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Lab Sciences Students Display Research

Edward McVoy explains his team’s research project to judges during the Department of Laboratory Sciences Research Day.

Edward McVoy explains his team’s research project to judges during the Department of Laboratory Sciences Research Day.

Students in the Laboratory Sciences programs of the College of Health Professions observed Allied Health Professions Week with a Nov. 6 display of research projects highlighting the varied and critical contributions to patient care by those in clinical laboratories.

Fifteen posters, representing individual and team research projects by 37 students in medical laboratory sciences and cytotechnology, filled the atrium of the Wilson Education Building.

Fifteen posters were displayed, representing individual and team projects by 37 students in the medical laboratory sciences and cytotechnology programs.

Fifteen posters were displayed, representing individual and team projects by 37 students in the medical laboratory sciences and cytotechnology programs.

“Every year our students must prepare a research project and this research day offered us a way to showcase their work and celebrate the role of laboratory sciences in the allied health professions,” said Catherine Smith, an instructor in the laboratory sciences program.

The team of Adrian Jones, Hua Yan and Edward McVoy evaluated the value of point-of-care testing, or lab tests that can be performed at a patient’s bedside versus sending samples to the central lab.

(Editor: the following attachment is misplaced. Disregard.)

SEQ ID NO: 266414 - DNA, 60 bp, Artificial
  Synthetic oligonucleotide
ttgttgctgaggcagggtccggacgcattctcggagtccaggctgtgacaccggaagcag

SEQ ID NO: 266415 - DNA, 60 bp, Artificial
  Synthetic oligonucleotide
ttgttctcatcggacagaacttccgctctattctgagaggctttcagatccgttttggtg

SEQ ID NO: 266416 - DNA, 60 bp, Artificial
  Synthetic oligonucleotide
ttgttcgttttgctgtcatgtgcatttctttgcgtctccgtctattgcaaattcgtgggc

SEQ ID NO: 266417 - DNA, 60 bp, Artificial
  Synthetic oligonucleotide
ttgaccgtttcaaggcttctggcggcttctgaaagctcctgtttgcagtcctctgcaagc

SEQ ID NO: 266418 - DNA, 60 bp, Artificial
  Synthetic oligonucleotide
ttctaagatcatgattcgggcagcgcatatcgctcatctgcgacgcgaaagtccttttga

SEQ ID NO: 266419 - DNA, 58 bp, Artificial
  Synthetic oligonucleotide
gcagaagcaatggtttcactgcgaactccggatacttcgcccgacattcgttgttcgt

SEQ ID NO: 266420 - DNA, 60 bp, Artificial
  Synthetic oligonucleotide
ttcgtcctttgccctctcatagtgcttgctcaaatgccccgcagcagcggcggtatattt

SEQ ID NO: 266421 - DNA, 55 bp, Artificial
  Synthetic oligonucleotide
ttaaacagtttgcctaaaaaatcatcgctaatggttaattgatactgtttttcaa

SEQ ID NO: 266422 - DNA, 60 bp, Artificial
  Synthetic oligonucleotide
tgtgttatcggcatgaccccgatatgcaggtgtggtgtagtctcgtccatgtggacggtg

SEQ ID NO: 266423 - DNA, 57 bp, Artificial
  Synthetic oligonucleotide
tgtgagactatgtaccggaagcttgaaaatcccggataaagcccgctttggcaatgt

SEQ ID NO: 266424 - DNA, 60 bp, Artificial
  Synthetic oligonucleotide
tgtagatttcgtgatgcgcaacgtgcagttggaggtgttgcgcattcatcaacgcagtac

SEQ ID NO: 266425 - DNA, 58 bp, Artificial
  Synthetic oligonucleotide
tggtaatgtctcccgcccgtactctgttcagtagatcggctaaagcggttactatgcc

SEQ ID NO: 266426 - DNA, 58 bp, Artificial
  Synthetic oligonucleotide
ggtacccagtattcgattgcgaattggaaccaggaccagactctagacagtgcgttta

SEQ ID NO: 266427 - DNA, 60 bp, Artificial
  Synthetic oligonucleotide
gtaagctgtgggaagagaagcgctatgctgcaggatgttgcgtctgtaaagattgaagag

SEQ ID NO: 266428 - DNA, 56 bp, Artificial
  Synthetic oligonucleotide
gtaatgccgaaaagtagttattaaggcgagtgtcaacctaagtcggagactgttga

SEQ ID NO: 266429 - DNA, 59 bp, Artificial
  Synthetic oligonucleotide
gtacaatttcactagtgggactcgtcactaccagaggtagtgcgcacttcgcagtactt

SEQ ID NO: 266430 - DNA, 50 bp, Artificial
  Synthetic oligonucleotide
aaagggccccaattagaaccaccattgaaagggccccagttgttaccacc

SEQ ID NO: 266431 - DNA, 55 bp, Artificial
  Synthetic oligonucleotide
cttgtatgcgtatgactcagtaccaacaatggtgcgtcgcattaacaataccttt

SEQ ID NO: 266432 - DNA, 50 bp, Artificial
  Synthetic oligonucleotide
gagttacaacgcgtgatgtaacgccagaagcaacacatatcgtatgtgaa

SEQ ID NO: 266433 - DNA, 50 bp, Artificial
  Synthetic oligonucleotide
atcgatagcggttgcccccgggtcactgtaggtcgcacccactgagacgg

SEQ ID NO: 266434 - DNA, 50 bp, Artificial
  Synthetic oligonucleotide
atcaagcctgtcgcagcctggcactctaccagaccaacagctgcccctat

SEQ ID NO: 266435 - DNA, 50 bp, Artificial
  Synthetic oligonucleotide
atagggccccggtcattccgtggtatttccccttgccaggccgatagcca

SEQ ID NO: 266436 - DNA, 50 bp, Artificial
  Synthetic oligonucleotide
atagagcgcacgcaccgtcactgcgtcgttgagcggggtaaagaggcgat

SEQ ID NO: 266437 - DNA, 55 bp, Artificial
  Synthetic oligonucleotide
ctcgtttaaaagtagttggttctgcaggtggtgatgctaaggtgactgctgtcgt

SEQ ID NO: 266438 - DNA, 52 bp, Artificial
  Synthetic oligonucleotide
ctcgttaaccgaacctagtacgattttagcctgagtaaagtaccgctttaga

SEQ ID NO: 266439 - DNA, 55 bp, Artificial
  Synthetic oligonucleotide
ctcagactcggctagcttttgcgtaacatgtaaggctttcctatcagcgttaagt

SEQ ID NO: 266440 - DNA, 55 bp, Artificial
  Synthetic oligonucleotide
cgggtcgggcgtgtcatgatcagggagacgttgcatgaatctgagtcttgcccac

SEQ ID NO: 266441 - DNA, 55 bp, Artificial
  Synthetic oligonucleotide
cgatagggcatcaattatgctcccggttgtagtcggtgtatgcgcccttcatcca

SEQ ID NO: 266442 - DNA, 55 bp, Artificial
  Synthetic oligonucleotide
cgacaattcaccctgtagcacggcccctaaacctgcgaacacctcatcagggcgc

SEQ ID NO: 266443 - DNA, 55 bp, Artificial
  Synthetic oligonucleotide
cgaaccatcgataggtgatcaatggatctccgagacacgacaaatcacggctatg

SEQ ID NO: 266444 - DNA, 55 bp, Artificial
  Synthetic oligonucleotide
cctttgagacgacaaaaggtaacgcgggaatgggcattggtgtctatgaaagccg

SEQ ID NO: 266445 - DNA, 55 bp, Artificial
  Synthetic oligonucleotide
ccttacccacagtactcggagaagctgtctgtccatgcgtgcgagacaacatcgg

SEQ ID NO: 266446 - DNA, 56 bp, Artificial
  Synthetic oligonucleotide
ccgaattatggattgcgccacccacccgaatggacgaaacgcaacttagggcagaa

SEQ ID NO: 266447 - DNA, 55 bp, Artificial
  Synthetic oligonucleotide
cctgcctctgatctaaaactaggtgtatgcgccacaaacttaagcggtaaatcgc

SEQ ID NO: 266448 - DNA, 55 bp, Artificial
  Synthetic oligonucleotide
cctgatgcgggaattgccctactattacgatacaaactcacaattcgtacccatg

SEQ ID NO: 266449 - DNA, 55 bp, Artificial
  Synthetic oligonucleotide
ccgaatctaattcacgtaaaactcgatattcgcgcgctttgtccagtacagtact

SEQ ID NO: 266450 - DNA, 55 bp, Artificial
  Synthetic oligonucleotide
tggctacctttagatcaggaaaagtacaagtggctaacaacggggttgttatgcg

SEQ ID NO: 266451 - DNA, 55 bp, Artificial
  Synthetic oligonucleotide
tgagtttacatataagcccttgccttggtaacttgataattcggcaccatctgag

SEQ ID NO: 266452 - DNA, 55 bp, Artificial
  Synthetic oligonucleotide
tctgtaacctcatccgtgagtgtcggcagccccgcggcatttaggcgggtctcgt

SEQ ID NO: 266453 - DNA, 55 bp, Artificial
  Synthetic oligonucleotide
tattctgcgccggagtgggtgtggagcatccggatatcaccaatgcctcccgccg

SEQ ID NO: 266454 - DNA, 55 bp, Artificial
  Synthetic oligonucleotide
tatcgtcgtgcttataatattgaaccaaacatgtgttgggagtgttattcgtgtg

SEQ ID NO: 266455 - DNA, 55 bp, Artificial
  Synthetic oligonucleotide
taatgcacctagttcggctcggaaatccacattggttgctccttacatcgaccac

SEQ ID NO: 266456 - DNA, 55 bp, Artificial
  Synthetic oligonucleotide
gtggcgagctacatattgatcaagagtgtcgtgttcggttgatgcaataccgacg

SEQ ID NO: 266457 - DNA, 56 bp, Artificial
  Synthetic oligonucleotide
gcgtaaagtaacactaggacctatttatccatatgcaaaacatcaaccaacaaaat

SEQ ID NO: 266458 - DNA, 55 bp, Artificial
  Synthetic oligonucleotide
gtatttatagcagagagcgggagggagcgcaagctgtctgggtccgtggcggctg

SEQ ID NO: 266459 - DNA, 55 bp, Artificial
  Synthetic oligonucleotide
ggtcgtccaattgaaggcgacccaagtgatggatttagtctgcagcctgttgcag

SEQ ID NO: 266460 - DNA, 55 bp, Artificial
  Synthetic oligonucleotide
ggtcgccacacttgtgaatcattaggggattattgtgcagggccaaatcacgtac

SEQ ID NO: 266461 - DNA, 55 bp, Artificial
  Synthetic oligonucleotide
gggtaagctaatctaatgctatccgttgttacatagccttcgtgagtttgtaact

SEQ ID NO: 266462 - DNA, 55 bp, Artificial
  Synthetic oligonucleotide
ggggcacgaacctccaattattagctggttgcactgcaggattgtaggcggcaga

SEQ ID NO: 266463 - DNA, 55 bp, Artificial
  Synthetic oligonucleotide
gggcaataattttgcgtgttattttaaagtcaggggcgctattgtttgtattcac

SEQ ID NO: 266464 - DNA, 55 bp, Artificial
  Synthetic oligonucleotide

“We compared the cost, time and accuracy of point-of-care tests compared to those done at the lab,” said Jones, who started as an undergraduate in engineering before ultimately winding up in the lab sciences. “My best subject was biology and microbiology.”

McVoy noted the career potential for lab scientists: “There are clinical labs everywhere — not just in hospitals.”

Kaleigh Foster, a cytotechnology student whose project examined lung cancer in people who had never smoked, also pointed to an early interest in biology that led her to the program. “I was always interested in biology…always interested in cells and in particular the role of cells in causing cancer.”

Students recognized by a three-judge panel for their projects included:

  • Jeri Byrd — “Are the current guidelines for cervical cancer screening beneficial for women under 21 or over 65 years old?”
  • Jennifer Ball, Jesse Jacobs, Felicia Walker — “The role of medical laboratory scientists in interprofessional health care: replacing errors with teamwork”
  • Adrian Jones, Hua Yan, Edward McVoy — “Evaluating point of care testing as a potential auxiliary to central laboratory testing”
  • Erin Moore, Hailey Mortenson — “Congenital erythropoietic porphyria: a comparison of treatment by bone marrow transplant and target gene therapy”
  • Chelsea Washington, Kelly Virbel, Alicia Turner, Kyle Vallely — “Facilitating laboratory test result interpretation among medical professions in student-run clinics”
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